ALAA Roots — An Unofficial Site

July 17, 1987

1987.07.15: An Open Letter on the Goetz Trial

Filed under: ALAA History,Criminal Justice,Key Documents,Racism,Sentencing — nyclaw01 @ 11:33 am
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The City Sun, July 15‑21, 1987

An Open Letter on the Goetz Trial

Editor:

As public defenders, we represent clients who overwhelmingly are young Black and Latino men. From this perspective, we express our outrage with the Goetz decision and with the atmosphere of pervasive racism that permeated the entire case from the time of the Goetz arrest until now.

The verdict endorses Goetz’s view that young Black men asking for money in the subway—without uttering any threats or displaying a single weapon—are by definition committing a crime. It also endorses Goetz’s position as self‑appointed executioner, as evidenced by his statement to Darrell Cabey, “You seem to be all right, here is another.”

The undeniable message of the case reinforces the fact that white civilians can join white police in legally murdering Black people—Michael Stewart, Eleanor Bumpurs, Jonah Perry, Nicholas Bartlett and so many others—they perceive as a threat Vigilante terror against Black people is once again encouraged in New York.

More importantly, the jury did not act alone. Rather, the decision was preordained by the media and criminal “justice” system. It was led by the prosecution, which tried to throw the case in the grand jury and by the trial judge, who initially dismissed the charges. They worked hand in hand with the defense to put the victims, Cabey, James Ramseur, Barry Allen and Troy Canty, on trial, thereby shifting attention away from Goetz’s attempt to murder them.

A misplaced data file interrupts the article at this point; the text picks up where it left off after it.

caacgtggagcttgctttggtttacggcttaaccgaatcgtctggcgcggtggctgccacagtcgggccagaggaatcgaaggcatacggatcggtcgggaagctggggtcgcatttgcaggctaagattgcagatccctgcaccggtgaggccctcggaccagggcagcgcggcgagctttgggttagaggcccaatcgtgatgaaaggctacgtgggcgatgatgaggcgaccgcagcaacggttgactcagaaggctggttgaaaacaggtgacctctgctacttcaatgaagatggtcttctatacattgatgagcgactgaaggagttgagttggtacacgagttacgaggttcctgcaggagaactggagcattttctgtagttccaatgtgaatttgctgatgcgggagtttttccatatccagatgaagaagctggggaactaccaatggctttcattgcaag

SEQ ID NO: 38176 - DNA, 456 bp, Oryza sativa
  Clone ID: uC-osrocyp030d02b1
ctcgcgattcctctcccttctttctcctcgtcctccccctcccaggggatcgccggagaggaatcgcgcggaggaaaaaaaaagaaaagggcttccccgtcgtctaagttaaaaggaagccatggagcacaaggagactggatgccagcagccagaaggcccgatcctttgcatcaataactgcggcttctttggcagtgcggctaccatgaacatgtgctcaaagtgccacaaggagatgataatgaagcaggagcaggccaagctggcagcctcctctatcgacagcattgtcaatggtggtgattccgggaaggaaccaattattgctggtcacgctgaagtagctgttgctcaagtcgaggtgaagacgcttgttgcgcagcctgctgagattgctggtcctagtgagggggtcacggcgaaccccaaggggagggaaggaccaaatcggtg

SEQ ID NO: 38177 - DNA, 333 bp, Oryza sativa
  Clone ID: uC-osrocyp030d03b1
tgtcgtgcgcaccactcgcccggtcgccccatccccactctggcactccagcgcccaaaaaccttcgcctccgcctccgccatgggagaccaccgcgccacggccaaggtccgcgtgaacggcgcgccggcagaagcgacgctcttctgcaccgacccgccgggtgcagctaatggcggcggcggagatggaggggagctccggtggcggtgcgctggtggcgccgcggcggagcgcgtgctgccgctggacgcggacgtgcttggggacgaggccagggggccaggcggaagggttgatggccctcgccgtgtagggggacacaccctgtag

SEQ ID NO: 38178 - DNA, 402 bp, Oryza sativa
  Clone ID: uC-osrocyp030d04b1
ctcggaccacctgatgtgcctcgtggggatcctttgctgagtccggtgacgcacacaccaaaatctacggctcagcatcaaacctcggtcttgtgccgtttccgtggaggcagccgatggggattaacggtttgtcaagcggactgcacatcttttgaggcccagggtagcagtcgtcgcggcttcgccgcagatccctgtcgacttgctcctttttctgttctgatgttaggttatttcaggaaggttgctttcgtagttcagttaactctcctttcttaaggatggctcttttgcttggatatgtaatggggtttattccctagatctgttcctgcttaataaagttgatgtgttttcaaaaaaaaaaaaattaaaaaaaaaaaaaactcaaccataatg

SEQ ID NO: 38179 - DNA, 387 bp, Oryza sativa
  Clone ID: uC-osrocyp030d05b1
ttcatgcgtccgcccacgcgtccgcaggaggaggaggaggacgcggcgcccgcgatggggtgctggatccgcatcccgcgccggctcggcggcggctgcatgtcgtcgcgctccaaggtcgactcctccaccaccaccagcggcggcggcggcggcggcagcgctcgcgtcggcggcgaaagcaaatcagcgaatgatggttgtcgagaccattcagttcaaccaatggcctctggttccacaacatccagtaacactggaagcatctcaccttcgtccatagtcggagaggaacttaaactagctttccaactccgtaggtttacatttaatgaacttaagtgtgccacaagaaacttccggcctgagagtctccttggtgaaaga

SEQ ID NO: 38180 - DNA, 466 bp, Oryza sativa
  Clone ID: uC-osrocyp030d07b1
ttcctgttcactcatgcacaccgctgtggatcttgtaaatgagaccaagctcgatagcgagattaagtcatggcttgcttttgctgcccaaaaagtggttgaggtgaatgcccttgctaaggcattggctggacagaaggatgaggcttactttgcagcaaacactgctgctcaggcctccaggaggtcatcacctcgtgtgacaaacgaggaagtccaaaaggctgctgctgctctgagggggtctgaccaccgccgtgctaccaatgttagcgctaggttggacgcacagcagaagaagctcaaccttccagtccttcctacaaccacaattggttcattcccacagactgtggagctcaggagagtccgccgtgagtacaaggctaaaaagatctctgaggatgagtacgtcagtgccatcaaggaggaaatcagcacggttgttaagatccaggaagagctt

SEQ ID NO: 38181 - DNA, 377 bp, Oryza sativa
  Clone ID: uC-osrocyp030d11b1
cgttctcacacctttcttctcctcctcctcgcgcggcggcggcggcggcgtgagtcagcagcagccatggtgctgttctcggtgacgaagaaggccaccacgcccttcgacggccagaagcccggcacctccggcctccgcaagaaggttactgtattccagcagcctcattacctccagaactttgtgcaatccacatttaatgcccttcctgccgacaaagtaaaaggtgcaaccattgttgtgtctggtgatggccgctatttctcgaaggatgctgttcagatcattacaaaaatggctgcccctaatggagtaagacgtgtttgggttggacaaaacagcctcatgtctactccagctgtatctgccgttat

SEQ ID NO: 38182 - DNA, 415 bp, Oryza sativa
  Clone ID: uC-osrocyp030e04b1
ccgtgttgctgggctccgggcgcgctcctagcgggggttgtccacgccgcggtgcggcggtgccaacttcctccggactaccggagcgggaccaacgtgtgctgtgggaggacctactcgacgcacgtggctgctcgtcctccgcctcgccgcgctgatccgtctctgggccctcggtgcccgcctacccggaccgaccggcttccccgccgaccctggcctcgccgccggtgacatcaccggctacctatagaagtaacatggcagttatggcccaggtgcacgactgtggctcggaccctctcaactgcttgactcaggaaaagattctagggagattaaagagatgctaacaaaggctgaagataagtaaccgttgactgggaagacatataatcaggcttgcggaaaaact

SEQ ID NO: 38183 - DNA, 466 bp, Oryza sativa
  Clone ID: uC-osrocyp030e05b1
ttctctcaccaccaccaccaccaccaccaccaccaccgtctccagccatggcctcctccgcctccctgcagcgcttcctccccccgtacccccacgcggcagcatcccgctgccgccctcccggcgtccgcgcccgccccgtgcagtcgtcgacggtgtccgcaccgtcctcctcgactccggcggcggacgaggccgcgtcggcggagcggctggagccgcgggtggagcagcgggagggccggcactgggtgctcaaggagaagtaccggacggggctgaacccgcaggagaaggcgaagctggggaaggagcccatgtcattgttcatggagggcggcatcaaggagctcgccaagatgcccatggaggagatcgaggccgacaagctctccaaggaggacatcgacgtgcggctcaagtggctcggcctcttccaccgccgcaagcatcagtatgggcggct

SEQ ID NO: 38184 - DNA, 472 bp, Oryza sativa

The media and criminal “justice” system painted Goetz as a white knight and his victims as “Black scum” who got what they deserved. The jury simply did what it was programmed to do.

As public defenders, it is clear that there was a disparity in treatment between “defendant” Goetz and our own clients.

For example, in our experience judges almost never permit on‑the‑scene or in‑court “crime re‑enactments,” not to mention using Guardian Angels to stage these spectacles. Nor do judges ever give jury instructions so favorable to the defendant that a client’s acquittal is inevitable, even in the face of evidence overwhelmingly in the defendant’s favor. In addition, Judge Crane’s contempt citation of James Ramseur in the presence of the jury, while surrounded by five court officers, biased the jury against the victims.

In our experience, the prosecution almost always gives all of its witnesses immunity to testify. As a tactical matter, it is rare that a prosecutor would put on a witness who is likely to sabotage the prosecution’s case.

Yet, in the Goetz case, we saw these and other such actions which do not occur when the defendants are Black or Latino.

We urge all New Yorkers to join us in condemning this all too predictable verdict and the racism it represents.

(The signers of this letter are attorneys and legal workers at the Legal Aid Society. We speak here only for ourselves and not for the Legal Aid Society.)

Julie A. Clark • Michael Letwin • Kimberly L. Detherage • Sharon Buckle • Robin Kuranko • Daniel Ashworth • Florence Morgan • Robert Zuss • LeRoi Gill • Carmen James • Calvin Simons • Robert Ellis • Ellen S. Sacks • Jane Coleman • Ruby Green • Tony Powell • Trilby DeJung • Eric Meggett • Luce Rocque • Valerie Greene • Betsy Barros • Derrick Jones • Joseph Licitra • Catharine Grad • Steven Lubowitz

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